It was around the turn of the century when Marty Mendiola brewed his first porter. As he recalls, it was “quite bad.” But he stuck with it and, through ten years of trial-and-error at Rock Bottom Brewery and Restaurant’s La Jolla brewpub—brewing brown, black, bitter and insert-descriptor-here porters—his technique improved…a lot! Last month, the flagship porter from his current venture, Second Chance Beer Co., took gold at this year’s Great American Beer Festival (GABF). The most prestigious annual brewing competition in the country, earning a medal there is no small feat. Bringing home three golds for the same beer is nearly unheard of, but such is the quality of Mendiola’s toasted porter, Tabula Rasa, which took top honors in 2016, 2017 and 2019.
Making it even more impressive, it’s the second of Mendiola’s beers to thrice win in the Robust Porter category at GABF, joining the Moonlight Porter that nabbed bragging rights for Rock Bottom with a silver in 2010, and golds in 2011 and 2013. Clearly some interrogation on such perpetual porter perfection is in order.
Let’s start simply—what is a robust porter?
Porter is a fascinating style for me because it was one of the first beers to really benefit from the advances in malting technology in the 1800s. Before the roaster was perfected, dark malts were quite smoky. The cleaner roasting resulted in a less harsh, smoky and bitter dark ale. Robust porters should have a clean, roasty taste, a bit of caramel malt, a touch of black-malt bitterness and some toastiness to bring it all together.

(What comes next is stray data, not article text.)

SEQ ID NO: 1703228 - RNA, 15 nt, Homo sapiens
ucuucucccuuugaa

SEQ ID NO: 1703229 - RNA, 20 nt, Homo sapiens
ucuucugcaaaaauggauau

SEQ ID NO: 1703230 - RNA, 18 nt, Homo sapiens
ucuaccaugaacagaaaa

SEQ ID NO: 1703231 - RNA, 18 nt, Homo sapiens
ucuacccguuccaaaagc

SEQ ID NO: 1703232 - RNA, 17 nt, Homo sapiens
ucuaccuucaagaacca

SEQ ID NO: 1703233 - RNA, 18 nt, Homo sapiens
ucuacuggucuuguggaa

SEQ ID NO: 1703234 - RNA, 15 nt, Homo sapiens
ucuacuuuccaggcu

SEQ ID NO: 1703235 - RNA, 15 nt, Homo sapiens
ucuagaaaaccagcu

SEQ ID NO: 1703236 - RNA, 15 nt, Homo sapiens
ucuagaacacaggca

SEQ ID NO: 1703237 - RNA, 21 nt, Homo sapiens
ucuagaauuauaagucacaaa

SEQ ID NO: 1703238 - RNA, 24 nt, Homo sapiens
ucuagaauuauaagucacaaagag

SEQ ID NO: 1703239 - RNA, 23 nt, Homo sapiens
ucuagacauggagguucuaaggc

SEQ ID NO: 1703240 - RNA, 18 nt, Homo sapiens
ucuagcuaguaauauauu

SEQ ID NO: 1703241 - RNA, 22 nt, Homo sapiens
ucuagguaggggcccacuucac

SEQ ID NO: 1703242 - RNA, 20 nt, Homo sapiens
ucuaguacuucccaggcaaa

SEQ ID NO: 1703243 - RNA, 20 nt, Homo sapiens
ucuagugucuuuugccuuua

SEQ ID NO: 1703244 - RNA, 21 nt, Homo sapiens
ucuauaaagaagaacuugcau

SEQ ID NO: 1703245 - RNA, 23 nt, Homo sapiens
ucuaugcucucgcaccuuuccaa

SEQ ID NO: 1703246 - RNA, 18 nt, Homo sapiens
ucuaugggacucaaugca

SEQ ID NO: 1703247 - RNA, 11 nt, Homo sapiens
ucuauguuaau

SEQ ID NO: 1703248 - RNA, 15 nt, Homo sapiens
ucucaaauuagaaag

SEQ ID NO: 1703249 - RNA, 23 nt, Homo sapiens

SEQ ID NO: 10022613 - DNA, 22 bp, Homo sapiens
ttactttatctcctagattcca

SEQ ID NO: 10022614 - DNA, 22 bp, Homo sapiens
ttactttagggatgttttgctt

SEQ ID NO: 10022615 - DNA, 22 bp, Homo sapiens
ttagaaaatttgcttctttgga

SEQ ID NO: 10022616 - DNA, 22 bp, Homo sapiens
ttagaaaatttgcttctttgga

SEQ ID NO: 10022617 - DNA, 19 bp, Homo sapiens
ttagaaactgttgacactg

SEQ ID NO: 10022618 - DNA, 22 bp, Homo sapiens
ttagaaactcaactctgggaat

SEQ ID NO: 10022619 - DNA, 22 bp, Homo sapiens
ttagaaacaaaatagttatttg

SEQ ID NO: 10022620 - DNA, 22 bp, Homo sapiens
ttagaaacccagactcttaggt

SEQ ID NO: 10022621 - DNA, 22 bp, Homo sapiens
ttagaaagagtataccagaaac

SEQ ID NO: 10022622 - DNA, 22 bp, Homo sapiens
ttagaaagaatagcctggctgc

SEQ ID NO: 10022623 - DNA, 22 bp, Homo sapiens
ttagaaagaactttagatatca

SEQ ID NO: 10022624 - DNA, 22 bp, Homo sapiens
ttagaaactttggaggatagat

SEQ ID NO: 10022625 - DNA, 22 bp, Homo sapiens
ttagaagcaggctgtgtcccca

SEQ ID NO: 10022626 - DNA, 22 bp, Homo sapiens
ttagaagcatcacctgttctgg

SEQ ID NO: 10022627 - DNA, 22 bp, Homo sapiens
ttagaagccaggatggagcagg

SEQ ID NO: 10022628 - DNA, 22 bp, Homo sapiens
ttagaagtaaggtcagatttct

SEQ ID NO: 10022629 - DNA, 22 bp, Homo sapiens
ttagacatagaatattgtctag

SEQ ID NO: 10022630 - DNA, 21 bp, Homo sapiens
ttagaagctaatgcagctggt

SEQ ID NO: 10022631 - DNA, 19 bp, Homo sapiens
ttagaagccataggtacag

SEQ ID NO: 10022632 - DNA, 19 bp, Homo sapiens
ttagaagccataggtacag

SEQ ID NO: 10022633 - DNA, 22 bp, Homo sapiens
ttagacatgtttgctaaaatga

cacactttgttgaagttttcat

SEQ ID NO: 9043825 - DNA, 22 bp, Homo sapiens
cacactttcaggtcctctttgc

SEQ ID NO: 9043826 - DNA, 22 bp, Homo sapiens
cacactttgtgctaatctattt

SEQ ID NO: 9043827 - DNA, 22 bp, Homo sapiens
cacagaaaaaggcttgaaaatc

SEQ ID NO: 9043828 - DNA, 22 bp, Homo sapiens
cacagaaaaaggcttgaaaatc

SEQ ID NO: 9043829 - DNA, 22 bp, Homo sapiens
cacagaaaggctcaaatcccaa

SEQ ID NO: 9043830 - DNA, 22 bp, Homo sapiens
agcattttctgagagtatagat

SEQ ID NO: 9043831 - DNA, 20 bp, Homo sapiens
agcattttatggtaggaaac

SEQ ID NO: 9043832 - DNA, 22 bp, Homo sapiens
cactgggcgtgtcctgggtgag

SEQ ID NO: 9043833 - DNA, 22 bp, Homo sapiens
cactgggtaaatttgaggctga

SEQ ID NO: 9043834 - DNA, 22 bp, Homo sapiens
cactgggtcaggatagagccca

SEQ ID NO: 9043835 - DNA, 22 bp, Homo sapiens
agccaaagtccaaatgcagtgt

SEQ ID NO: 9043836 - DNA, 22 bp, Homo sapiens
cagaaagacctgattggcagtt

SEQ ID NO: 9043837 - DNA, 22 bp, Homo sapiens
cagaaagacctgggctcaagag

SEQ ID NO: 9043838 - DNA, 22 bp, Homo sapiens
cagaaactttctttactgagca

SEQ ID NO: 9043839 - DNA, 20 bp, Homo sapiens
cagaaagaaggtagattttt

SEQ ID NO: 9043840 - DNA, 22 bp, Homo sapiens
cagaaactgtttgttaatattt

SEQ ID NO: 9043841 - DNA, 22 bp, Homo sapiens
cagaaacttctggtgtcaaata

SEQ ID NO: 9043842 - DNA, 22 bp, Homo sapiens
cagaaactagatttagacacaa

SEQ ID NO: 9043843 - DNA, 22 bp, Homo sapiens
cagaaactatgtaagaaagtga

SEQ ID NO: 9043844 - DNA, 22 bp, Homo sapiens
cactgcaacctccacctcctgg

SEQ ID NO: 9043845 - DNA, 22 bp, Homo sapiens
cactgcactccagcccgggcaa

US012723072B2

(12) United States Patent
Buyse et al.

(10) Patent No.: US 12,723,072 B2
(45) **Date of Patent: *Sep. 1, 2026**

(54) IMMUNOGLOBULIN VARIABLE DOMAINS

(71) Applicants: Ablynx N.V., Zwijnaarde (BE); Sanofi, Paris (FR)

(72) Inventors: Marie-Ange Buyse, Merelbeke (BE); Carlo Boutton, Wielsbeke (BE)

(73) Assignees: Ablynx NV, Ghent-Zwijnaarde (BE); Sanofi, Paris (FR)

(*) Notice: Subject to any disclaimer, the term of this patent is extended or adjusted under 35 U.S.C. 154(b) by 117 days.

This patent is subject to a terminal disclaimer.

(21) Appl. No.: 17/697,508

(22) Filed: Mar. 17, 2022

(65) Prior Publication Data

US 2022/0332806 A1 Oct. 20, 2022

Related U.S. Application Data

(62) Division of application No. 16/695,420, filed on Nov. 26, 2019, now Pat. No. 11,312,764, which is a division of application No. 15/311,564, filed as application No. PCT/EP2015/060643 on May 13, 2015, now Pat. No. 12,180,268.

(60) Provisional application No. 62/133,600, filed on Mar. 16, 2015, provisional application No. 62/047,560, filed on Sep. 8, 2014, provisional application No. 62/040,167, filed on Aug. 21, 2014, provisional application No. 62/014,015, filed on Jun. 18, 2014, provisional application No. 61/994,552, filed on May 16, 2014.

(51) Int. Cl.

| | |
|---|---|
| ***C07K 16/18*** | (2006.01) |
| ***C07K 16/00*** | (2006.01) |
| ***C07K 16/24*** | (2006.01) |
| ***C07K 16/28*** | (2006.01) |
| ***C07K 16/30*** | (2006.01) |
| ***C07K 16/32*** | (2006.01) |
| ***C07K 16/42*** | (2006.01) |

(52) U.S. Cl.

Why do you believe your porters have fared so incredibly well at GABF?
Of course, you need to have a good beer, but you also need a bit of luck. But as a beer judge reading the style guidelines, I want there to be no doubt that what you taste is exactly what the style guide states. It is clean, roasty and dry. Just simple and tasty.
How have you tweaked your porter recipes throughout the years?
When I abandoned the common proportions of malts, the beer got better. I tried recipes from others, but they were just too bitter and out of balance. I reduced the amounts of some malts and drastically increased the amounts of others, so much so that, after its third GABF award, Rock Bottom wanted to brew Moonlight Porter across the country at every brewpub, and I received several calls from our brewers asking if the recipe was correct because of the unusual proportions of malts. There are a couple of secrets, of course, but I think it is a lot of little details along the way that makes it special. Playing reggae while mashing in is a critical step that is often overlooked. Classic blues guitar while sparging and Led Zeppelin during the boil. There, now you know the secrets.
What are some robust porters you enjoy that aren’t yours?
Sierra Nevada Brewing’s and Samuel Smith’s porters were the first I ever tasted. They just seemed better for my taste than stouts. Like a bigger brown ale, which is also one of my favorite styles.
Do you vary your recipe for Tabula Rasa when adding adjuncts or barrel-aging the beer?
Porter is a fun beer to play with as it can taste great with coffee, cacao nibs and coconut, as well as more crazy ingredients like bananas, plantains, chai spice and black tea, cinnamon and spices, smoky malts, and fruit like cherries and raspberries. We generally don’t barrel-age the normal porter, but we do make an imperial version that ages nicely in bourbon and rum barrels.
Any fun porter-pertinent goings-on scheduled for the near future?
We have made a few kegs of Banana Bread Porter and Chai Porter that are going on tap throughout November exclusively in our tap rooms in Carmel Mountain Ranch and North Park. Our coconut version, Coco Rasa, is on tap most of the time. We will also be making our imperial version for the holidays.